The Football Manager game for the year is here, and we've already spent a bunch of hours in Sports Interactive's latest simulation title.
I have long believed that sports games should be released every two years instead of every year. There isn't enough new stuff every year for players to have to pay full price annually. Of course, from the business side, I understand why it is done. The game that this probably fits best with is the Football Manager series. For example, there are no advanced scanned player faces or other graphics that need to be updated, or lots of game modes that need to be developed, and from Football Manager 2022 to Football Manager 2023, there really hasn't been any major changes. Instead, there are several small changes that actually make this version the best in many years.
The Football Manager series probably doesn't need much of an introduction anymore, it's been the same for decades. But if you're brand new, I can best describe the game as something that will totally devour your time. Start playing at 8pm and before you know it, it's 4am. This is without a doubt one of the most engaging games on the market. There's always that feeling of needing to go another day ahead, or playing one more game, or having a quick look for a new and better striker because yours can't hit sand in a desert. It's football, it's the role of manager, and has a host of text and numbers that would make an Excel expert jealous.
The basics, of course, are the same. You take over a team (or start club-less if you like) and then try to guide your team to success by setting up strong tactics, buying and selling players and other things. But all these elements have a lot of layers, it's like an onion. You have to control team selection, how free kicks work, whether you want an attacking or defensive striker, which player on the opposing team is the most dangerous, and so on. It's hard to describe how deep this game is and it can feel overwhelming. Luckily, you can let other coaches take care of things. Don't want to handle contract renewals? Let someone else do it. In recent years, a host of staff roles, from recruitment analyst to director of football, have been added to the game to help manage all aspects of the day-to-day job.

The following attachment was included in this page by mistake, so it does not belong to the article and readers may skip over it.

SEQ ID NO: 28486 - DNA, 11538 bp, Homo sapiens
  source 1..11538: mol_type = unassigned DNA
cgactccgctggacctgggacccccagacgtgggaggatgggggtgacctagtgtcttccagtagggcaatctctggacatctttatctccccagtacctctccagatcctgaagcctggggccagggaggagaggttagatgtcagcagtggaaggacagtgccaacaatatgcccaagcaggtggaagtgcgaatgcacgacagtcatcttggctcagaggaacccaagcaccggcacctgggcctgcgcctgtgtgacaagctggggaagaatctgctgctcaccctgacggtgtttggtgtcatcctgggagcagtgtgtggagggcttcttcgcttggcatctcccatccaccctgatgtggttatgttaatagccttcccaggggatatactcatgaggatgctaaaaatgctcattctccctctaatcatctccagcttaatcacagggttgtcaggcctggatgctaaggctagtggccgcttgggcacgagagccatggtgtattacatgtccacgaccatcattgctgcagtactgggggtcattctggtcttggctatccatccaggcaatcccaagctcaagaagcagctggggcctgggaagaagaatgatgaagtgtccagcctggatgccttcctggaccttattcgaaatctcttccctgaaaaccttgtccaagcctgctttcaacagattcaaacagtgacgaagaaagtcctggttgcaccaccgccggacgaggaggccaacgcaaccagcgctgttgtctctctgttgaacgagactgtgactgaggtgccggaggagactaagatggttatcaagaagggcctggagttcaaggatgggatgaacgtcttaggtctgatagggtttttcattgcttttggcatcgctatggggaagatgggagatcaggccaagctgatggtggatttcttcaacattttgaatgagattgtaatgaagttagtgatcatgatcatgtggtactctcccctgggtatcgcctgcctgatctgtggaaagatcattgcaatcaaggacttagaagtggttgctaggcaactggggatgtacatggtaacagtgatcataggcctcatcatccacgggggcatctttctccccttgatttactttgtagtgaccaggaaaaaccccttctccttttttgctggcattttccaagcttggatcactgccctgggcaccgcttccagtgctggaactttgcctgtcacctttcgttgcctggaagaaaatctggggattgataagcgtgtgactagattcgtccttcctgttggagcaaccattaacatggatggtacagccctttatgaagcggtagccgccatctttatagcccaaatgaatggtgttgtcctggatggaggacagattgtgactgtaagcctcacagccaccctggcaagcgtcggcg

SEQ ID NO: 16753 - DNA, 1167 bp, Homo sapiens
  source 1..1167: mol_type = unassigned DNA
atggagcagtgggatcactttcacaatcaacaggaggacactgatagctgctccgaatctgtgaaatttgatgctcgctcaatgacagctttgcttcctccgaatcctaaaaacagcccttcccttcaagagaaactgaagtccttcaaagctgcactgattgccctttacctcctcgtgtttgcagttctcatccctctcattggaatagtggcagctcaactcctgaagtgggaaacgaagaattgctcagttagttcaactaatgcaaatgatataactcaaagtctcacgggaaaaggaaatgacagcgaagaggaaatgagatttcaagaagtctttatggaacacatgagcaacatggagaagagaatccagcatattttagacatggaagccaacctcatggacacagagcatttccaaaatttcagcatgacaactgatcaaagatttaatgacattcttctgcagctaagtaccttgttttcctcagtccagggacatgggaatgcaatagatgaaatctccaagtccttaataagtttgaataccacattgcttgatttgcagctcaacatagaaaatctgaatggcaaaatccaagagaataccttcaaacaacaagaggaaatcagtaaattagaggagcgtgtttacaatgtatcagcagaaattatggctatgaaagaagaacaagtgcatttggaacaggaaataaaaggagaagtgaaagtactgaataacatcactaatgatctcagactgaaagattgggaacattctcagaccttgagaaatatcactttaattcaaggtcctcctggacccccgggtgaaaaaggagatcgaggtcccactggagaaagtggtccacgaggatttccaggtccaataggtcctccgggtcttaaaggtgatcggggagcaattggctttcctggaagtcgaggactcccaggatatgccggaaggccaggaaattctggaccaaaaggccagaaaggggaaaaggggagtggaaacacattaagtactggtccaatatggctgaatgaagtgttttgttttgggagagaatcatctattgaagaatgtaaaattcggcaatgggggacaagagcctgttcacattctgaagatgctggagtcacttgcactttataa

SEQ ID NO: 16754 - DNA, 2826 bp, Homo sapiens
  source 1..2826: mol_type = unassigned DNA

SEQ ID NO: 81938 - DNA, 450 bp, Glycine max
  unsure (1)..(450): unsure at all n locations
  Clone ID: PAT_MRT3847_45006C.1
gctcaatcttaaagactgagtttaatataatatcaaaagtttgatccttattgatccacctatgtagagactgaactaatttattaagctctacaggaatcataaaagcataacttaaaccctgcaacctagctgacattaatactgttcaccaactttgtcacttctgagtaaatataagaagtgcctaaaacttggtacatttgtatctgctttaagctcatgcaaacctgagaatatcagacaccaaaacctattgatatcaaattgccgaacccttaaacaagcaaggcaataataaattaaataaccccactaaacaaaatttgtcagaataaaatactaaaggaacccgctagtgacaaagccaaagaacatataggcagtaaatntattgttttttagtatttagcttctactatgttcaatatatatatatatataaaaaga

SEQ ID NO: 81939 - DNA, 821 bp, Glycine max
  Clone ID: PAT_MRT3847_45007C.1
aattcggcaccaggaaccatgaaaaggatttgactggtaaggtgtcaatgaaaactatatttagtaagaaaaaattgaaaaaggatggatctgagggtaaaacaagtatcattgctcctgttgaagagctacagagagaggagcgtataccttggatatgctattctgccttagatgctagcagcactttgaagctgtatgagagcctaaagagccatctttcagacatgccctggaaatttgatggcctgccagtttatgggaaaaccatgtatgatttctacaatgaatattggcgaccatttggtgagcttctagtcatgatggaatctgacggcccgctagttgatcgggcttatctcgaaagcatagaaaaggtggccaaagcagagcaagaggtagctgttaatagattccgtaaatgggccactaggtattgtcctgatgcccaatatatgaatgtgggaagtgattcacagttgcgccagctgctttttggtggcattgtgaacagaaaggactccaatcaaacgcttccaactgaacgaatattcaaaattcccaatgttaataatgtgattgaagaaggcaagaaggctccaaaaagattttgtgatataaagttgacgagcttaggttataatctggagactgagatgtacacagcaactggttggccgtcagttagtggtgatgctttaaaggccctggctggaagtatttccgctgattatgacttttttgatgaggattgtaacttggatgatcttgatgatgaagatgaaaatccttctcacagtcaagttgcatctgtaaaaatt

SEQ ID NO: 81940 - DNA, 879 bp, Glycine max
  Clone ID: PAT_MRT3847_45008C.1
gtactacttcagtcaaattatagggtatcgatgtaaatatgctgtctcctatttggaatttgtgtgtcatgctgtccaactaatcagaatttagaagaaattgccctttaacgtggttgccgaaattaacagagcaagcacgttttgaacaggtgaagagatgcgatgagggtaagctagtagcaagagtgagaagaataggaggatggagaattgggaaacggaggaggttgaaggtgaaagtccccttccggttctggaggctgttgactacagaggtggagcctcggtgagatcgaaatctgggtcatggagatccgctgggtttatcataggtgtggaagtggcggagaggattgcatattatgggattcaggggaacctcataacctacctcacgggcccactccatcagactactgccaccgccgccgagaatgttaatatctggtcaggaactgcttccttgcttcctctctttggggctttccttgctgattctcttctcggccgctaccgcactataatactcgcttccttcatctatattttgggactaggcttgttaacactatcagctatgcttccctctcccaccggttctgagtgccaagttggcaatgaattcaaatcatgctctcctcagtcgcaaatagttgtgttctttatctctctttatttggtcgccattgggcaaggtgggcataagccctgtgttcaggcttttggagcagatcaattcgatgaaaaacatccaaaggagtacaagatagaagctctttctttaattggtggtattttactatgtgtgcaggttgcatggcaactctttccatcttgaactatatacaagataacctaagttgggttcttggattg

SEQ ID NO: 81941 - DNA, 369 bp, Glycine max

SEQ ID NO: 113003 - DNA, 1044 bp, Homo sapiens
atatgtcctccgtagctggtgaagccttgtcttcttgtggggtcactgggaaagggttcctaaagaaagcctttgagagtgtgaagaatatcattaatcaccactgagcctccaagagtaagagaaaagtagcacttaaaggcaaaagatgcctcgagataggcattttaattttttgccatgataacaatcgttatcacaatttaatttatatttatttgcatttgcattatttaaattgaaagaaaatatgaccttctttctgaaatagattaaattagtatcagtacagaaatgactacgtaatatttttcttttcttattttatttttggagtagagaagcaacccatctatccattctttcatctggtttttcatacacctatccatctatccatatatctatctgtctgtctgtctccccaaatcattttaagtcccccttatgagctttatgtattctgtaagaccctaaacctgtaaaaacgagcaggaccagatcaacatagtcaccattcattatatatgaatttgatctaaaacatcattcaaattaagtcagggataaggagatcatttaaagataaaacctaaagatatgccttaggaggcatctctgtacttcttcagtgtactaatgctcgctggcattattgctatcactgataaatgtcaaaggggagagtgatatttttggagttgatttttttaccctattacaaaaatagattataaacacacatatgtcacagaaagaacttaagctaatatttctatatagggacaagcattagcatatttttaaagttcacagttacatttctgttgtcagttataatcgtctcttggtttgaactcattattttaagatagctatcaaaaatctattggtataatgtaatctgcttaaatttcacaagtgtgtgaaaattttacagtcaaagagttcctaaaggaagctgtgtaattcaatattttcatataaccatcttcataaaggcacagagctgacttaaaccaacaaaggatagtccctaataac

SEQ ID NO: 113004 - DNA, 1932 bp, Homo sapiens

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One of the new features this year is an improved recruitment system. Among other things, it allows you to plan your team's development for a couple of seasons ahead, with feedback from coaches on how they think your players will develop. If you feel that a certain part of your team is not strong enough, you can now target a specific weakness where the scouts try to find players who will correct it. But watch out for how your current players react, because if they feel you want to replace them they will ask you directly. And a bad answer can lead to poor squad cohesion if the player has the team backing him up.
The dynamic in the club is very important and another novelty this year is the feedback from fans. In the past we have been able to see small indications of how the fans are reacting, but this year there is a whole separate section for the fans. There you can see how they are divided, whether it's mostly hardcore fans, families or "casuals" who go to your matches. You can see how much the fans influence the board and if you dislike fans who influence the board, it's not good news for you. They also have their own expectations of you, such as bringing up players from the youth teams or playing attacking football. Just like the board tells you at the start of each season.
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Perhaps the most visible of all the new features, however, are the licences. Now there are finally the big European cups with real names and everything. The Champions League is there including the classic anthem, as well as the Europa League and Conference League. A really strong new acquisition by the developers. With these also comes the pre-match graphics with team line-ups displayed as if you were watching on TV, as well as the results graph in the top left corner and even the logo in the centre circle as the players enter the pitch. A really good step in the right direction.
On the pitch, things have been moving in the right direction too. Computerised managers are now better at reacting to what you do during matches and may try to counter your change with their own. They can also play differently depending on the type of opponent they face and how important the match is. The graphics are also updated, although of course it doesn't look like FIFA 23. Most noticeable is probably the goalkeepers, who have previously looked rather clunky. Now there are new animations for different types of saves and it didn't take me long to notice how much better it looks. Out on the pitch there's an improved first touch, better tackles and more. It just feels more real than before.
Football Manager 2023 doesn't take big steps forward, but it takes enough small steps to make the difference noticeable. The new licensing for the Champions League, Europa League and Conference League was much needed and, along with improved player animations, is a big part of making this feel like the most lifelike game in the series' history.
8 / 10
New licenses for European cups. Vastly improved player animations. Smarter opponent coaches. The relationship with fans is now more important than ever.
Press conferences are useless. Licenses for many teams still missing.